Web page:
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Using "Retrieval" To Enhance ChatGPT's Capabilities
Posted by Jim Craner on April 30, 2023
My colleagues can confirm that I'm the first person to rave about how useful ChatGPT has been for my work. I've been using it since it became available for tons of everyday tasks: writing, coding, strategizing, brainstorming, and more. But a lot of the recent hype around AI tools, especially ordinary use of the basic ChatGPT system from OpenAI, really needs to be taken with a grain of salt!
Anyone who has attended our Public Library & AI Demonstration, Discussions, and Discovery events knows that ChatGPT and other similar "Large Language Model"-based ("LLM") AI tools are great at certain language based tasks - but absolutely terrible at other tasks. The basic strengths of LLM tools fall into these categories:
- "understand" text
- "classify" text, grouping, based on sentiment or other characteristics
- "summarize" text, based on "understanding"
- "extraction" of information from text
- "transformation" of text (e.g., translation)
- "generate" text based on a prompt ("completion")
- "conversation" based on a prompt
These are incredibly useful strengths, and we're always thinking of new ways to combine them. But ChatGPT definitely has some weaknesses as well:
ChatGPT, as of the time of this writing, has a knowledge cut-off of September 2021. That means that the "trainers" of AI only used information available in September 2021 to "teach" ChatGPT, and it will have limited, if any, knowledge about events that happened after that point.
ChatGPT has added plugins, which are "add-on tools" that can be installed that let the Chat application interact with other websites or services. For instance, you can enable the Kayak plugin which allows ChatGPT to search the Kayak.com flight reservation search engine on your behalf. Plugins have a ton of potential, but right now, there are only a few "approved" plugins and they're only available to a certain subset of ChatGPT users.
ChatGPT knows a LOT -- after all, its training regimen included reading the majority of the public Internet. But ChatGPT also "hallucinates," which is the AI term for "just making up complete nonsense, but stating it confidently." Anyone who's used ChatGPT for a while has encountered one of these hallucinations -- and the confident nature with which ChatGPT makes these made-up statements. Hallucinations keep ChatGPT from being a reliably useful search engine, discovery layer or readers advisory resource, or many other tasks for which accuracy of information is paramount.
Let's look at an example of an AI making a truthful statement and a hallucination to illustrate this.
When testing AI-based tools, what we refer to as "intelligent tools," we frequently use the Project Gutenberg library of public domain books as test data. Let's look at the classic "Anne of Green Gables," by Lucy M. Montgomery for our example. Anyone who's read the book might remember a famous anecdote about the raspberry cordial: teenage Anne mistakenly serves alcoholic currant wine to her friend and herself instead of the raspberry cordial soft drink that she intended. Her friend gets tipsy and both girls get in trouble. This is a popular scene in a popular book, so naturally ChatGPT has "read about it" and can accurately share what happened.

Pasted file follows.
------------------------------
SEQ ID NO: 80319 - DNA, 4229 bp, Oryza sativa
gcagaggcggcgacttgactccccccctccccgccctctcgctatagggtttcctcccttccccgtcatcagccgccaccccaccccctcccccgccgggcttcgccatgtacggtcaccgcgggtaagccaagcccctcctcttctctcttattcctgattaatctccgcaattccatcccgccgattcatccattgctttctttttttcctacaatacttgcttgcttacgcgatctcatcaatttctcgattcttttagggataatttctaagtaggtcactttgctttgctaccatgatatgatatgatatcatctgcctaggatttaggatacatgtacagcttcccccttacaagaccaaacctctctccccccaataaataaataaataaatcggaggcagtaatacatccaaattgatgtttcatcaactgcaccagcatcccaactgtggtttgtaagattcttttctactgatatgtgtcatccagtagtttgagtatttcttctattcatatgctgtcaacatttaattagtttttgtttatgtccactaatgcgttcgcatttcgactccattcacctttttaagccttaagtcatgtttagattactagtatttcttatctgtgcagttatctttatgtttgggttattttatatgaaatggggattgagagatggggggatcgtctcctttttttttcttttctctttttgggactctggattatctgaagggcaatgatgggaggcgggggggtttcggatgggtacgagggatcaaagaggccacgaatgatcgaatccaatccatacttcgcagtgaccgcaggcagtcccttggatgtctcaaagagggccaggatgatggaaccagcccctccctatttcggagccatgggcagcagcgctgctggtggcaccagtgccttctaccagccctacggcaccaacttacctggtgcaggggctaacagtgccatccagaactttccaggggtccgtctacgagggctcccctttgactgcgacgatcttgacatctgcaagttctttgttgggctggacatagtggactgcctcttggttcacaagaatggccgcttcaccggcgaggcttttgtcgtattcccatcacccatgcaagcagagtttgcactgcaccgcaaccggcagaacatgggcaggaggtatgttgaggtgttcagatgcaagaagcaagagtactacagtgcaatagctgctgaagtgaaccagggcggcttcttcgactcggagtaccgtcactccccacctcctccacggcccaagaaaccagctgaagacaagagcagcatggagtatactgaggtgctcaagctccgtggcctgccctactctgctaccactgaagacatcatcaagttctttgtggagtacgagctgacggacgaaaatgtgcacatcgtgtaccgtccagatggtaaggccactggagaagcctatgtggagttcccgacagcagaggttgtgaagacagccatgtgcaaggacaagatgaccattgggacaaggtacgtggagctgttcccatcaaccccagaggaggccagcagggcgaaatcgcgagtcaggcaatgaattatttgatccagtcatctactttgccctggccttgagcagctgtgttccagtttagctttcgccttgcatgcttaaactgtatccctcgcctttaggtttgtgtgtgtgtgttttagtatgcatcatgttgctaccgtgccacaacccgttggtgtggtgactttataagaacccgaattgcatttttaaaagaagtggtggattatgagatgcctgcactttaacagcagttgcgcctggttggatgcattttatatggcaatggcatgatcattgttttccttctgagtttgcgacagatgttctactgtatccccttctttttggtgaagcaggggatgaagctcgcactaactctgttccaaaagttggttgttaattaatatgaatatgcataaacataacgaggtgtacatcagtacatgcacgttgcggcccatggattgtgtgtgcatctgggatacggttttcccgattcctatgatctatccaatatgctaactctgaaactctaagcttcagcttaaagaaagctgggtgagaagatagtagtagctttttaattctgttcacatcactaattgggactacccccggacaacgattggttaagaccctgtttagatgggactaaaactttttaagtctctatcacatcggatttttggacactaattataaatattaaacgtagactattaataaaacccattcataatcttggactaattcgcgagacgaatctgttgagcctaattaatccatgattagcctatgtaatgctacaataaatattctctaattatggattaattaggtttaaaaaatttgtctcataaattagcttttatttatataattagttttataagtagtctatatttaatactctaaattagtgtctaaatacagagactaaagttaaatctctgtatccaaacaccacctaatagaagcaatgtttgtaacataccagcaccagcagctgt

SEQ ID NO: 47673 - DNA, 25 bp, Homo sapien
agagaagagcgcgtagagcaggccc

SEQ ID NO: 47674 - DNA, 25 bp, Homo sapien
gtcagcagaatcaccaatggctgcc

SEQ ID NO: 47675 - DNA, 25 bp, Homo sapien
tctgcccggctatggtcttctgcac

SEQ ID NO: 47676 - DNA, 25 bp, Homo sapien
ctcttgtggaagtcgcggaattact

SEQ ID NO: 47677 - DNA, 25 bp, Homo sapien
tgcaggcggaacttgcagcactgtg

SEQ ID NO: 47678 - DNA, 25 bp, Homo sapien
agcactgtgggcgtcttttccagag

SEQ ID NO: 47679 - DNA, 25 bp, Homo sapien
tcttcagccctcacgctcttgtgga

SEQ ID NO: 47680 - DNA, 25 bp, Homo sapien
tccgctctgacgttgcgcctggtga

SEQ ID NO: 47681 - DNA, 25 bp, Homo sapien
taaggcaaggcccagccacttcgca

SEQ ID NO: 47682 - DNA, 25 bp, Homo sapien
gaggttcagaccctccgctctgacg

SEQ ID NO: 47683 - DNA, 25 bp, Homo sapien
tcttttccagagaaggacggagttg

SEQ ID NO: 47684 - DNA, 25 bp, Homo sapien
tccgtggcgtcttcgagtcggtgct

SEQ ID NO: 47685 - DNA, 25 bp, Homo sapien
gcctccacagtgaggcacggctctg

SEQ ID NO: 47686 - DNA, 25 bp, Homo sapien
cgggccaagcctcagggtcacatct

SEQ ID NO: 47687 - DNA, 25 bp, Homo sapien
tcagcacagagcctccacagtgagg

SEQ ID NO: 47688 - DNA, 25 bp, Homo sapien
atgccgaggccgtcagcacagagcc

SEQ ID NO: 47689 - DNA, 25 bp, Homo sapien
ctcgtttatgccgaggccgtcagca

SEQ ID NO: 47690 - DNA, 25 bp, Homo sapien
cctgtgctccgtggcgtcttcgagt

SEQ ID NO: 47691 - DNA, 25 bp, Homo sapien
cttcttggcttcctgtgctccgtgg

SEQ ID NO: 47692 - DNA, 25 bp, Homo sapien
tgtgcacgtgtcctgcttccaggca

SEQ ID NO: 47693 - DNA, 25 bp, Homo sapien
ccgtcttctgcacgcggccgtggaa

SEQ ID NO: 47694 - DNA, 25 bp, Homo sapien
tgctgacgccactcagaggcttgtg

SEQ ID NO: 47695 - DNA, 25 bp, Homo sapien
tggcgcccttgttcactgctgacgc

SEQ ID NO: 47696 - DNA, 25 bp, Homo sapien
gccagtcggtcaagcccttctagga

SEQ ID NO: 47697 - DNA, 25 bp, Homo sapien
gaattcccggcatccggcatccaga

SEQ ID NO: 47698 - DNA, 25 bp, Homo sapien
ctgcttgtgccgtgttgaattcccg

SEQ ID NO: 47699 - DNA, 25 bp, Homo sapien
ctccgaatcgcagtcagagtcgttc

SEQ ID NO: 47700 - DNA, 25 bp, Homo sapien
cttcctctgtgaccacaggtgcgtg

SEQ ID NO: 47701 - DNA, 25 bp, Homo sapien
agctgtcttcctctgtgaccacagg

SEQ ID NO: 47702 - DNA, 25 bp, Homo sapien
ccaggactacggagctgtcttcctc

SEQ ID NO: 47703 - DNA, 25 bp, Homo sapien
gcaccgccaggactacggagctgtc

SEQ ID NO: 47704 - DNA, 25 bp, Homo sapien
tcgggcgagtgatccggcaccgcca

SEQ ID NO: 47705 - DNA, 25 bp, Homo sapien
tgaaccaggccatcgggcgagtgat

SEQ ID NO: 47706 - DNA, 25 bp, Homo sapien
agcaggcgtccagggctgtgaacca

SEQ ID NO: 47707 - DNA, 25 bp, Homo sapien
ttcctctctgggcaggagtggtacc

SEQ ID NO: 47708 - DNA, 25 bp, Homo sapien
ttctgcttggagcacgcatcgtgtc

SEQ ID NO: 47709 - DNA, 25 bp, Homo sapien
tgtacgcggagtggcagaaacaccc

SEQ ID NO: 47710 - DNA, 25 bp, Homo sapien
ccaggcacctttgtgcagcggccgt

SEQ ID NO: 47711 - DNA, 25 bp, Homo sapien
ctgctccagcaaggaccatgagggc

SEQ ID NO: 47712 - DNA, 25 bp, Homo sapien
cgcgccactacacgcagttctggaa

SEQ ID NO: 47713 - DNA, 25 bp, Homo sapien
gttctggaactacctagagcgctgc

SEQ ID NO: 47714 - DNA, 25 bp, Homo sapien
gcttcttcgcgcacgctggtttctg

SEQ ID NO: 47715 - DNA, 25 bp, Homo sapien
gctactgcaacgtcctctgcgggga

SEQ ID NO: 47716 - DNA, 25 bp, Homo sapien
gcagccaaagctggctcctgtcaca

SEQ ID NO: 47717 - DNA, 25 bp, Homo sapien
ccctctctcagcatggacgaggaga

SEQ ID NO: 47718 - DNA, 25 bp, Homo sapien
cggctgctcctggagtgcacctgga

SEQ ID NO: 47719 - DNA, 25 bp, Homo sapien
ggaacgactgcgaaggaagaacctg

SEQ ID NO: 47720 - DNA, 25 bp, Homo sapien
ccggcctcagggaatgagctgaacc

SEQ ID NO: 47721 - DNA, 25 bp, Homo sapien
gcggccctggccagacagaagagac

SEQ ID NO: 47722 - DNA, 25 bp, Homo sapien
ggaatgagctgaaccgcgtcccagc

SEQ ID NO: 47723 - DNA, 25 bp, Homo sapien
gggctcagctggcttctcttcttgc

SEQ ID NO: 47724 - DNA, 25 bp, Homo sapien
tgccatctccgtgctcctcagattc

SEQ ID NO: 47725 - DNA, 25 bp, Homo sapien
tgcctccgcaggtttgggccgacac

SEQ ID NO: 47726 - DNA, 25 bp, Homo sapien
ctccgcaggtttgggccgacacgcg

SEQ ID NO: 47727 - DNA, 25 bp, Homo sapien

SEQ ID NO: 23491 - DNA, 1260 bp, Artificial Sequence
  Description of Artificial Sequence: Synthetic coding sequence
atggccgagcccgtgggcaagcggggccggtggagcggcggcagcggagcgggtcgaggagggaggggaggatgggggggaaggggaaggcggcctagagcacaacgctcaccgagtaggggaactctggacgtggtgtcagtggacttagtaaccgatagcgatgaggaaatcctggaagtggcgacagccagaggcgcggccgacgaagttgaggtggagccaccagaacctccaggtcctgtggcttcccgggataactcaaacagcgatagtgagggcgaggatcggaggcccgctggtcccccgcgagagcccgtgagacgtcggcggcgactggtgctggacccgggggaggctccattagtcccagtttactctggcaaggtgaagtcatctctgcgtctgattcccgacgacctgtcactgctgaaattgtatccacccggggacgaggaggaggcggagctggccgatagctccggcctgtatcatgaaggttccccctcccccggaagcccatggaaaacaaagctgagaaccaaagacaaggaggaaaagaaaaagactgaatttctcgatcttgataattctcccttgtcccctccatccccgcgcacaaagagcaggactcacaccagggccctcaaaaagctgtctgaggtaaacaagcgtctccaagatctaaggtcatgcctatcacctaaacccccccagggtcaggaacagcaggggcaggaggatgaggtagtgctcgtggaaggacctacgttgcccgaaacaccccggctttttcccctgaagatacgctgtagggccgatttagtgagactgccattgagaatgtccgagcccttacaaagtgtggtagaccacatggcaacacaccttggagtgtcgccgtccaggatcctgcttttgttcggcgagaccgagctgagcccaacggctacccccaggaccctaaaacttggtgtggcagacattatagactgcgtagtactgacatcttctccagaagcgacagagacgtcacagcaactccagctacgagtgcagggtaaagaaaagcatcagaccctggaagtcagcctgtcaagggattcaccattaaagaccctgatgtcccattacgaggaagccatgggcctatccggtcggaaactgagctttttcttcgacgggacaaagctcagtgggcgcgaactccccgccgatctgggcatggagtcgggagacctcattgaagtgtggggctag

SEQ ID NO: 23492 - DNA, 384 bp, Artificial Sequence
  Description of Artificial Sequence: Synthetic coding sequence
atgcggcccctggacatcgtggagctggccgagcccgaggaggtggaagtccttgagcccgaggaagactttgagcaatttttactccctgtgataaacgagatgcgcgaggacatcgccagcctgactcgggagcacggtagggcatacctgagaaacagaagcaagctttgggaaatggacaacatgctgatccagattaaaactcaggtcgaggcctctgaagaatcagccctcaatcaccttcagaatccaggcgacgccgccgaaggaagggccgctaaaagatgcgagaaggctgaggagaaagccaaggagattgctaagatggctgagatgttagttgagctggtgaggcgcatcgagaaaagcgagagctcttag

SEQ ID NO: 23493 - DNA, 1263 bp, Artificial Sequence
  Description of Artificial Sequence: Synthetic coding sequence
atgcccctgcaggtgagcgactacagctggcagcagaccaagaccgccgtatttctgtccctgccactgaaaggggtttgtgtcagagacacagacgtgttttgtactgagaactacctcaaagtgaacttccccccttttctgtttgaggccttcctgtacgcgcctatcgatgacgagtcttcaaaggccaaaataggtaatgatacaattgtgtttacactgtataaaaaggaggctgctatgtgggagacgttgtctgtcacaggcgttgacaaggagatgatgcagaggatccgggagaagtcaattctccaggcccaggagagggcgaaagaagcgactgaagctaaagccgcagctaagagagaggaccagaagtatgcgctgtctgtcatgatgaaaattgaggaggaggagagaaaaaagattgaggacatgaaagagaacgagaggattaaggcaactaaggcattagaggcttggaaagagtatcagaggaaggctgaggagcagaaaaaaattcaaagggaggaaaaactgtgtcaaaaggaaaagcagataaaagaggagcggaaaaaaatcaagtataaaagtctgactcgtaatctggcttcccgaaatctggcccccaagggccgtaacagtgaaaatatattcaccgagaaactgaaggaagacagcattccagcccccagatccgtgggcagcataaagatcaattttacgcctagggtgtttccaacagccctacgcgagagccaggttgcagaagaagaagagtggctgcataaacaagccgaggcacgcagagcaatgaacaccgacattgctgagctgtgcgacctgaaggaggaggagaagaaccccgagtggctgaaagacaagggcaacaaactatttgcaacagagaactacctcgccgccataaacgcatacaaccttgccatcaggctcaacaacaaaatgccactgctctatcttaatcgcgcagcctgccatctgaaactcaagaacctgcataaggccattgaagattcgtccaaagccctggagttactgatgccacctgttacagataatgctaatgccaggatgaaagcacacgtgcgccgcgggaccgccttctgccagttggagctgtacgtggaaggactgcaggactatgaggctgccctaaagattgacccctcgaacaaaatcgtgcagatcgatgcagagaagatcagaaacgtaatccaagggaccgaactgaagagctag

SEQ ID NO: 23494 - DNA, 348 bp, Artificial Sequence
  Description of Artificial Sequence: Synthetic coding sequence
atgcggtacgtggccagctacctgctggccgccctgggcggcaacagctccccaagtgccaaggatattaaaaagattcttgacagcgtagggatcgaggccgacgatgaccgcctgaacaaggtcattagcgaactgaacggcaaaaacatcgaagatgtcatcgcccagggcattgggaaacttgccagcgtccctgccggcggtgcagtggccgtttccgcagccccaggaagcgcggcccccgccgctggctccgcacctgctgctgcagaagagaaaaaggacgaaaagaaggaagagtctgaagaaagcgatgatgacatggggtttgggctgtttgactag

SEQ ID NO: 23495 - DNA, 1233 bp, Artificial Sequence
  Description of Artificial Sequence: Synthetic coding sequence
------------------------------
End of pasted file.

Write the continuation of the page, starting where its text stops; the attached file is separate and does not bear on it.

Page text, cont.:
So far, so good, right? What if we ask ChatGPT about something less well-known? Like the slippers Anne got for Christmas that year?
Uh oh! This is a complete fabrication, folks. Or, in AI terms, a "hallucination." Readers of chapter 25 will remember that, in the actual book:
- the slippers come from Diana's Aunt Josephine, not from Matthew;
- the slippers are made from kid (goat skin), not furry red cloth;
- Matthew gave Anne the dress with the puffy sleeves.
Intelligent Tools to the Rescue!
So, how do we get around these problems? Like a lot of technology teams, we are hard at work building AI-enabled intelligent tools using these new AI services. We've done a lot of hard work in this area, trying to envision how library staff - and patrons - could benefit from some of these tools. And we want to make sure these tools are:
- able to access up-to-date information from after the general ChatGPT training cutoff date;
- reliable and easy to use, even for staff without ChatGPT access
- trustworthy, based on legitimate information
Here's a screenshot from an early version of our Document Analysis tool, displaying the correct answer to the question.
So what's the secret? Apps like this use a strategy called "retrieval" to provide relevant information to ChatGPT that it will need to answer the question. Here's a simple explanation of how it works.
First, we upload the document into a special kind of database. AI systems can't handle "reading" (or processing) an entire book at one time so documents are split into sections, like pages.
Next, each piece of the document is analyzed and transformed into a complex series of numbers using advanced math. Modern AI systems like ChatGPT are "large language models" ("LLMs") but underneath? It's all numbers :-)
Now when you ask the system a question, your question is used to find relevant pages in the database that might answer the question. These pages, and your original question, are then given to ChatGPT. We also usually include a specific prompt, such as "Given the context of these pages, answer the following question."
ChatGPT can now correctly answer the question without hallucinating!
Are you using AI in your library or information services operations? Let us know! Interested in learning more about AI and intelligent tools? Check out our AI workshop series, beginning in May 2023!